The future of 4K revealed

IBC saw much discussion on the likely prospects for 4K transmission, how the technology might be implemented, possible costs for broadcasters, timetable of likely events that might trigger early adoption and how low prices of 4K flat panels might need to fall to gain consumer acceptance.

In other words, the assorted Plus and Minus points of the usual challenges. As a result of IBC’s coverage we now know that Sky Deutschland is keen, but BSkyB is not so enthusiastic about 4K. We know that the Rio de Janeiro Olympics will certainly have 8K coverage from NHK, but as to 4K much will depend on the influence of players like US rights-owner NBC and the EBU.

We also know that FIFA will not do much – if anything – in 4K/8K for their Brazil World Cup in 2014, although they have confirmed that 3D coverage will be provided for ESPN, and others. However, CAMERON | PACE Group’s announcement at IBC with BSkyB to provide 3D coverage of the upcoming Ryder Cup golf is another sign that 3D is far from dead. In fact, BSkyB’s John Cassy told IBC delegates that the recent Isle of Wight pop festival was shot in 3D at only a modest increase in costs.

So 3D is certainly alive and well, yet there’s little doubt that the industry is looking forward to the ‘next big thing’ as far as TV is concerned. SES tied in with Sony to use a giant 84” Bravia display to pump a live 4000-line satellite feed into IBC.  SES used the Astra 3B craft and a DVB-S2 signal, encoded in ‘ordinary’ MPEG-4 at 50 Mb/s. SES’ target next year is to use HEVC/H.265 encoding and  get the signal down to 20 Mb/s, which means a pair of channels could be carried on a single transponder. Good business for the satellite operators, and not too costly for broadcasters.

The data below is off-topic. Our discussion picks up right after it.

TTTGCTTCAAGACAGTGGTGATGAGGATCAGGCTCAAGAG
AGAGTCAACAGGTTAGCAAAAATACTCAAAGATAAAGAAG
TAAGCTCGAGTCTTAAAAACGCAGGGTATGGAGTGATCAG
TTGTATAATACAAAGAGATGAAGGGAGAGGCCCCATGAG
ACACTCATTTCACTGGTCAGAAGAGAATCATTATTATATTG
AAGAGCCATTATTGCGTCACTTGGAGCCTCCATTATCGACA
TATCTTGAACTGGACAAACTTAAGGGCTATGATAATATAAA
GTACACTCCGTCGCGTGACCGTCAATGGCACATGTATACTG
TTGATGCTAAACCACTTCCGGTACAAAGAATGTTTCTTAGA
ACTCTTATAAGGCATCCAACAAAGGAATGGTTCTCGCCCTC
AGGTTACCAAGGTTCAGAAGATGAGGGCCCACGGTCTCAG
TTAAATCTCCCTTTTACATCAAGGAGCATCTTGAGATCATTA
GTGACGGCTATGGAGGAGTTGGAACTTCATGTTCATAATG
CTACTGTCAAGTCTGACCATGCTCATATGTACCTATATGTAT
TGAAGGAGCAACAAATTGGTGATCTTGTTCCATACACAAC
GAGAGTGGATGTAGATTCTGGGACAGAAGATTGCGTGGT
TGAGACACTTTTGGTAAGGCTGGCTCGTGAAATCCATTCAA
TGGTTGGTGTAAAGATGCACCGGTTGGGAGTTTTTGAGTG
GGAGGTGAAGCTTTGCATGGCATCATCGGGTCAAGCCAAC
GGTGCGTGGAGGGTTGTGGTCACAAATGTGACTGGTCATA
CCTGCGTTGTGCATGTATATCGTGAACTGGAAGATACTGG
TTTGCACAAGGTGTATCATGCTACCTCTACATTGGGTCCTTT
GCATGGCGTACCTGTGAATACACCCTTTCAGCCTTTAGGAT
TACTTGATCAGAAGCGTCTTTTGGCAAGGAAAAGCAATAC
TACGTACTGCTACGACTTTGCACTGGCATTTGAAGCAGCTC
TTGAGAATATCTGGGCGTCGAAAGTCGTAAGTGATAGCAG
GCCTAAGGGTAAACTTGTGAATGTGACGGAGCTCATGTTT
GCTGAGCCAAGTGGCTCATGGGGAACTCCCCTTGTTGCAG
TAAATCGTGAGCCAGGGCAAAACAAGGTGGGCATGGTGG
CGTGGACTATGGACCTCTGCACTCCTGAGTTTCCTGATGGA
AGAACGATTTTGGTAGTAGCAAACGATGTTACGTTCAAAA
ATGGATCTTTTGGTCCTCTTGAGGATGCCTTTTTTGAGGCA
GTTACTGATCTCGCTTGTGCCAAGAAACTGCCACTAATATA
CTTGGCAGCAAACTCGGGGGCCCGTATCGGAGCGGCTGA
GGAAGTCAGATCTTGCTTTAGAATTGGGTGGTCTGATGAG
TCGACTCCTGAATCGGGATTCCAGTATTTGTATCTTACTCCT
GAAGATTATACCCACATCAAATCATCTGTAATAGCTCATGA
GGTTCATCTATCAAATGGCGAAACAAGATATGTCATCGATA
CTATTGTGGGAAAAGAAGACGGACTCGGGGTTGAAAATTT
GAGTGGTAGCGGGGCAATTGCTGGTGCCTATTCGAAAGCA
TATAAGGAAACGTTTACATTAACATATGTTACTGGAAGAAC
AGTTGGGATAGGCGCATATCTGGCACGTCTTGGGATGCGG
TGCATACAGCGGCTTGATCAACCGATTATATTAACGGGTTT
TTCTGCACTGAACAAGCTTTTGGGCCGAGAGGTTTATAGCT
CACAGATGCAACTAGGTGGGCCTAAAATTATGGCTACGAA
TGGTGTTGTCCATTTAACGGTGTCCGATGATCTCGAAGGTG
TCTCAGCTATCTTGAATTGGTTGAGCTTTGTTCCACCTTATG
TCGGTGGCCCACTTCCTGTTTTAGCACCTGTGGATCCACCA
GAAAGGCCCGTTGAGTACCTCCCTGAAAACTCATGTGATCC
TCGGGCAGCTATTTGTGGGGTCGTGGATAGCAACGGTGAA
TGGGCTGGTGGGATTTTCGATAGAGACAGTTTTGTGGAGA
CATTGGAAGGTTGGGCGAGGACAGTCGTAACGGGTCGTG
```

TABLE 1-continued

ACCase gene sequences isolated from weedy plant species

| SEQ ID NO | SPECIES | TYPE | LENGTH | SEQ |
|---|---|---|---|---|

The general consensus seems to be that the pioneering pay-TV players will start with a single U-HD channel, probably with a couple of sports events per week, plus movies, plus some nice travelogue-type footage to showcase the technology. These could be in a repeating programming block to both raise awareness of the technology and to provide content for retail stores and showrooms.

Certainly, if the IBC demonstrations are any guide. The 4K satellite play-out generated huge interest, and a great deal of highly favourable comment. Now all that’s needed is for the assorted missing links to be engineered, and for prices of the displays to start falling to affordable levels.

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